Maxwell Darwin Perkins was a 20-year-old Cal State-Chico student when he decided to pick up meditation. He was frequently drinking to excess, and after some introspection, he realized he needed to make a change. “I didn’t feel like I was becoming the person I was supposed to be,” Perkins remembers.
He began studying various religions, especially as they pertain to numerology, until he discovered the Eastern philosophy tenet of mindfulness — the act of being present in, and aware of, one’s own body and thoughts. “It was like a switch flipped in my mind, away from self-destruction and toward self-improvement.”
Perkins took to practicing yoga and seated, silent meditation. Nowadays, however, he hardly does either. His primary mindfulness practice involves twirling toy lightsabers—the weapon of choice of Star Wars heroes. “As soon as I pick up my lightsaber, my mind enters this alternate space,” Perkins says — one of elevated consciousness and greater sense of connectedness with the world.
Perkins is just one of the many Star Wars faithful for whom the iconic sci-fi movie franchise is more than just entertainment — it’s a means for achieving spiritual enlightenment in the real world. Reddit communities devoted to meditation are full of posts pointing out the mindfulness lessons to be found in Star Wars. Bloggers point to the mindfulness practices of the Jedi as a means of managing anxiety. And there’s even an entire book about the subject, titled The Dharma of Star Wars.
The parallels between the Star Wars franchise and the teachings of Buddhism, Taoism and other Eastern philosophies are myriad and intentional. One of George Lucas’s primary inspirations when creating the Star Wars universe was Joseph Campbell and his seminal work The Hero With a Thousand Faces, a book that examines the similarities between the mythological traditions from cultures around the world. Lucas seized on some of the Eastern storytelling traditions, such as Buddha’s path to enlightenment, and incorporated them into his space epic.
Central to the Star Wars movies is The Force — a metaphysical energy that binds all living things. It can be harnessed for good (The Light Side) or evil (The Dark Side), but the ultimate goal is to keep those two in balance. The idea of an all-pervasive binding Force is akin to the Taoist principle of Chi, and achieving harmony between its positive and negative elements is symbolized by the yin-yang and also found in Buddhism.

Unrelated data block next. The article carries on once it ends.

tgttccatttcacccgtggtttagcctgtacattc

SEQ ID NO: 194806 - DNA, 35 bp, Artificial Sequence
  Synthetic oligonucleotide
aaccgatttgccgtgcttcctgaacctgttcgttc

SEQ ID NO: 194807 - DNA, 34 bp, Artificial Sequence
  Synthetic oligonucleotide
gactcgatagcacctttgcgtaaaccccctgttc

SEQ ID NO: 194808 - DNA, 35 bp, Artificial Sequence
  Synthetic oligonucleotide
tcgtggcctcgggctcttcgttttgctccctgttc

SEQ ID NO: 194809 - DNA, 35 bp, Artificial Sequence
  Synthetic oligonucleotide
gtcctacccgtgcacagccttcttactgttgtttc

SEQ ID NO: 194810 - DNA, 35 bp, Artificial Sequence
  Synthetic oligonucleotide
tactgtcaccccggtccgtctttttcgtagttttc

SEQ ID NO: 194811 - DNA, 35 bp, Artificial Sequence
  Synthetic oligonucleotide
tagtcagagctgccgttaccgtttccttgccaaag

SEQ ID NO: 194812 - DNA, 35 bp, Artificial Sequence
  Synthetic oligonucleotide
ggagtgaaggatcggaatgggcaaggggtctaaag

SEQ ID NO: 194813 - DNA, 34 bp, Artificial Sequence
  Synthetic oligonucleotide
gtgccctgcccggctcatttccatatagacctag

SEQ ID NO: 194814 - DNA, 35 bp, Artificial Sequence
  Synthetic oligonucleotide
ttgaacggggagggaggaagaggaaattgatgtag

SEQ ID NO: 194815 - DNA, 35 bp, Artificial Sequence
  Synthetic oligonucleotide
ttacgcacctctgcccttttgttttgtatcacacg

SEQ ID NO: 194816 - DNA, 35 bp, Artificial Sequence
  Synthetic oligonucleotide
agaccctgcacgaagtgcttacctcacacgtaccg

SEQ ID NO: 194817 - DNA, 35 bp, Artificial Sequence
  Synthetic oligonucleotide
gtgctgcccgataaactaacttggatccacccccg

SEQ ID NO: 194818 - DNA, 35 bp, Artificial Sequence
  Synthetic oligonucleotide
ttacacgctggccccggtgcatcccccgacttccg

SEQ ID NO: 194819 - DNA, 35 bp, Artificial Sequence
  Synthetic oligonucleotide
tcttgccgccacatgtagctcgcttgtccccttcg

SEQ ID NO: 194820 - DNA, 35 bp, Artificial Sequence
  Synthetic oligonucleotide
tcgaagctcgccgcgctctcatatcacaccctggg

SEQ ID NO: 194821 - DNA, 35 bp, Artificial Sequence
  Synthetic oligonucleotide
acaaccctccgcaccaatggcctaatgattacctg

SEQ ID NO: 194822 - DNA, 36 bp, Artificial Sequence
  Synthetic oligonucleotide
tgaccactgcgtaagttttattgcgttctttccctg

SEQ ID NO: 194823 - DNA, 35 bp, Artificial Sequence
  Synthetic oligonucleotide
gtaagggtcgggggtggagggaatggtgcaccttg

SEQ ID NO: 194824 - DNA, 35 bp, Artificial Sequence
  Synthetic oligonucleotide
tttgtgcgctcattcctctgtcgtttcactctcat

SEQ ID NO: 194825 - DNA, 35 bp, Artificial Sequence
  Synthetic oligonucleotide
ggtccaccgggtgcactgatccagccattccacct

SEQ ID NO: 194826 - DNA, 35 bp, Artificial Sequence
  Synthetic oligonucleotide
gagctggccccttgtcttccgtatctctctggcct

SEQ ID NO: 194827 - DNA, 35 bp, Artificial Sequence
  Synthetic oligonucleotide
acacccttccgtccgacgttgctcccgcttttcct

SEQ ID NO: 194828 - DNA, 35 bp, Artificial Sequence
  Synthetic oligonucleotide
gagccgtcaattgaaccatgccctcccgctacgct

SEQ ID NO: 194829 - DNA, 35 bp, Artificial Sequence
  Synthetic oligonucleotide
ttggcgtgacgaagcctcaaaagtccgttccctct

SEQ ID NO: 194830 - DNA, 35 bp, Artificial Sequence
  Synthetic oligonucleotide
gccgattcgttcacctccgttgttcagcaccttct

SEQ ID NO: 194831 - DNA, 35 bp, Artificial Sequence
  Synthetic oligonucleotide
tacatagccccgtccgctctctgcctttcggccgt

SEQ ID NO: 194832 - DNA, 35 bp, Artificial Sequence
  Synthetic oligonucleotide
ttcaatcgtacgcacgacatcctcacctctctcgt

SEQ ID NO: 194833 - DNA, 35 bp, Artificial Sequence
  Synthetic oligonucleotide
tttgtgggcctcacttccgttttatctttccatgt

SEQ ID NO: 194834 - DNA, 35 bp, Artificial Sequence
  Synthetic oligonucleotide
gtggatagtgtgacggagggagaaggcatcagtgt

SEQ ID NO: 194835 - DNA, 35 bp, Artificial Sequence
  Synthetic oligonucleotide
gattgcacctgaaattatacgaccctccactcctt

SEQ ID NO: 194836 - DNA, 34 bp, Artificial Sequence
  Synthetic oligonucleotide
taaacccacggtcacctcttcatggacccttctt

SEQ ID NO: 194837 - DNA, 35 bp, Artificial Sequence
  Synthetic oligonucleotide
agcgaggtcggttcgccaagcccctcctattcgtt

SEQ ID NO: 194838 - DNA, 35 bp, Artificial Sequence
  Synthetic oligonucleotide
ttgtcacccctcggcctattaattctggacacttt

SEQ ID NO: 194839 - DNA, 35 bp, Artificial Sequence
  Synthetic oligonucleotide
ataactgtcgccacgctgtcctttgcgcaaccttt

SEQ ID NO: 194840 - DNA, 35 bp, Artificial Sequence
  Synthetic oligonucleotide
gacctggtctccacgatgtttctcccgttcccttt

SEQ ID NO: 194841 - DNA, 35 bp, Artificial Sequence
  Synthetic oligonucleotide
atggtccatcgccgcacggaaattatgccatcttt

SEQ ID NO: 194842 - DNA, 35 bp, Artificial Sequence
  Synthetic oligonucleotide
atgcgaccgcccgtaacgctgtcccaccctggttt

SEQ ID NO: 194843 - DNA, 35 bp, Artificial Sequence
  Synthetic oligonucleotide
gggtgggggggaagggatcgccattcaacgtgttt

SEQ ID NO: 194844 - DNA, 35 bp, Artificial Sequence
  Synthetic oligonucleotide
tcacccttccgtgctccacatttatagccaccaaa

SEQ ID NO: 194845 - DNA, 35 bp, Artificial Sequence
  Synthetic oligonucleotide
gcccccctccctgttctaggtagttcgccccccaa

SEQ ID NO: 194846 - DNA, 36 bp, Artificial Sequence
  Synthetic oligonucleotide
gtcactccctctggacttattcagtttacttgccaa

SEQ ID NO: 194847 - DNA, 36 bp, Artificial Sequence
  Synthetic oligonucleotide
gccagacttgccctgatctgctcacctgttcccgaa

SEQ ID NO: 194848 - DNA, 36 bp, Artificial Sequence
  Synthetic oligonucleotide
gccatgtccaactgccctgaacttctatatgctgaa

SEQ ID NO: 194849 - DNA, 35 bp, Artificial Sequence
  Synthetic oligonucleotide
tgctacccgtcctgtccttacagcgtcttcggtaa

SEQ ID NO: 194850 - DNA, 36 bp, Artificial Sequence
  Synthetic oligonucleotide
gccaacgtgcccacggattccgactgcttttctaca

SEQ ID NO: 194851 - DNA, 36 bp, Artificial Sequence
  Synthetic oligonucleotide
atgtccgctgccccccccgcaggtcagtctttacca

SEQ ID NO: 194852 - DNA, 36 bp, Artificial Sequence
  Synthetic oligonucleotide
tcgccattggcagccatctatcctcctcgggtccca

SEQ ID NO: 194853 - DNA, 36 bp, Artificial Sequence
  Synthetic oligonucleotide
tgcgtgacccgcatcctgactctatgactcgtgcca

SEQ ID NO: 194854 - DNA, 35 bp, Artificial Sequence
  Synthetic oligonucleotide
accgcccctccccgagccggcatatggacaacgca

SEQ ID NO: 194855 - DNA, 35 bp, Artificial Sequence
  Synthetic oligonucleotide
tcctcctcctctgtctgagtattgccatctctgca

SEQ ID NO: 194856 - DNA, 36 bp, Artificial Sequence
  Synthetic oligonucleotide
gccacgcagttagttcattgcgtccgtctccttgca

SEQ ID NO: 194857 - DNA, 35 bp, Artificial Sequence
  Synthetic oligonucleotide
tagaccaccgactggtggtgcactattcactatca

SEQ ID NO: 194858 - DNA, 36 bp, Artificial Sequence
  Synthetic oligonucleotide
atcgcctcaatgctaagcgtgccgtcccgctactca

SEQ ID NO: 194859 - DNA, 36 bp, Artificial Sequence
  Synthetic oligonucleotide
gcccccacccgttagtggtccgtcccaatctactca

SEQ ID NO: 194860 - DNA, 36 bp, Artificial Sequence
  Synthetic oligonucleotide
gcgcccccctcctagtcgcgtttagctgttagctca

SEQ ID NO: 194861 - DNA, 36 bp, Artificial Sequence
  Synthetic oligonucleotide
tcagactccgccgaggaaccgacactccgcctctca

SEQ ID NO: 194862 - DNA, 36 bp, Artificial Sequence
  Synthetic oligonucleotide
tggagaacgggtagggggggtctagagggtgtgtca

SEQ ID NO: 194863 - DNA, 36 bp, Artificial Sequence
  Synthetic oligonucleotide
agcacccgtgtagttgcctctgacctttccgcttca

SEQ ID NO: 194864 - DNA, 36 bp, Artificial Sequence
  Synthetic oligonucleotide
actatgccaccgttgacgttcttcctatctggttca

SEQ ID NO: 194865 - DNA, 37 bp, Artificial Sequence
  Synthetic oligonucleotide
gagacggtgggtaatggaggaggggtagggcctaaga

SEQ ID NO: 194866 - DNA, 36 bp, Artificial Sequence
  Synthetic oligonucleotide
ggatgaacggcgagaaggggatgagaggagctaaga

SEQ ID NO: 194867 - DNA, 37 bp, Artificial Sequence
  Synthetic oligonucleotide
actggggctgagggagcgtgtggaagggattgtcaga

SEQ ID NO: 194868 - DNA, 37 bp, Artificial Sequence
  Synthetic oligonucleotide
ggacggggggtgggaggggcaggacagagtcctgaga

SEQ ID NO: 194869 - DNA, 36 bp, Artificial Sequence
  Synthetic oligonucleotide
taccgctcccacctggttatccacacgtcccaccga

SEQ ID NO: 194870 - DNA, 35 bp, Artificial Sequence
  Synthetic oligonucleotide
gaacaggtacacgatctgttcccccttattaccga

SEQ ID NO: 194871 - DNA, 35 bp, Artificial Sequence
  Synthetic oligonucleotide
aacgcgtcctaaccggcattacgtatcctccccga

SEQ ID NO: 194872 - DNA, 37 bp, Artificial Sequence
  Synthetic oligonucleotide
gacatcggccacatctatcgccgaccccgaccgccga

It’s no coincidence the Jedi—the righteous, religious warriors tasked with keeping the Dark Side in check—use mindfulness to do so. For example, midway through his climactic lightsaber battle with Darth Maul in The Phantom Menace, Qui-Gon Jinn, a Jedi, takes advantage of a break in the action to sneak in a quick meditation session. Luke Skywalker strikes a levitating lotus pose in the latest film, The Last Jedi. And doesn’t Luke’s mentor, Yoda, remind you of Buddha? His upside-down syntax certainly reminds one of a Buddhist koan.
Thirty-year-old Thorbjørn from Denmark started noticing these parallels himself as a teenager, when he watched the Star Wars prequels. He’d loved the original Star Wars trilogy as a kid, but the prequels dealt more directly with The Force, and the humility and mindfulness needed to tap into its power.
“When Qui-Gon decides whether or not to take on Anakin, he decides it with a dice game,” Thorbjørn says. “That’s a way of leaving something up to the gods, or in this case, the Force. But instead, Qui-Gon uses the Force to cheat at the game. He’s no longer following the right way, and that leads to the downfall of Anakin. In a way, that’s what the prequels are about — humility. The Jedi grow arrogant and stop listening, which sends them down a dark path. They’re so sure of their being right they don’t even see the enemy in their midst.”
That lesson, and others from the Star Wars films, would go on to influence Thorbjørn’s own mindfulness practice years when he started it a decade go.
Similarly, when Ryan Parks was developing Kung Flow, his signature brand of exercise-based meditation, he decided to frame it as a Jedi training course to make it more accessible to people who are uninterested in religion.
Perkins is one of Parks’ devotees, and he says the Jedi give him a “context” for what to aspire to in his quest for enlightenment. That realization came on August 21, 2017, when Perkins first wielded one of his toy lightsabers. Perkins was in Big Summit Prairie, Oregon to watch the eclipse, and when the eclipse viewing ended, his friend handed him a lightsaber. “It was like the moment King Arthur held Excalibur. Something unlocked in my mind, and I thought, Oh my God, I’m a Jedi,” Perkins says.
Thorbjørn, meanwhile, aspires to be like Obi-Wan Kenobi in the prequels — rakish and happy-go-lucky, but a Zen master all the same. It is, for him, the perfect combination. Or as he puts it, “Star Wars is mindfulness made cool.”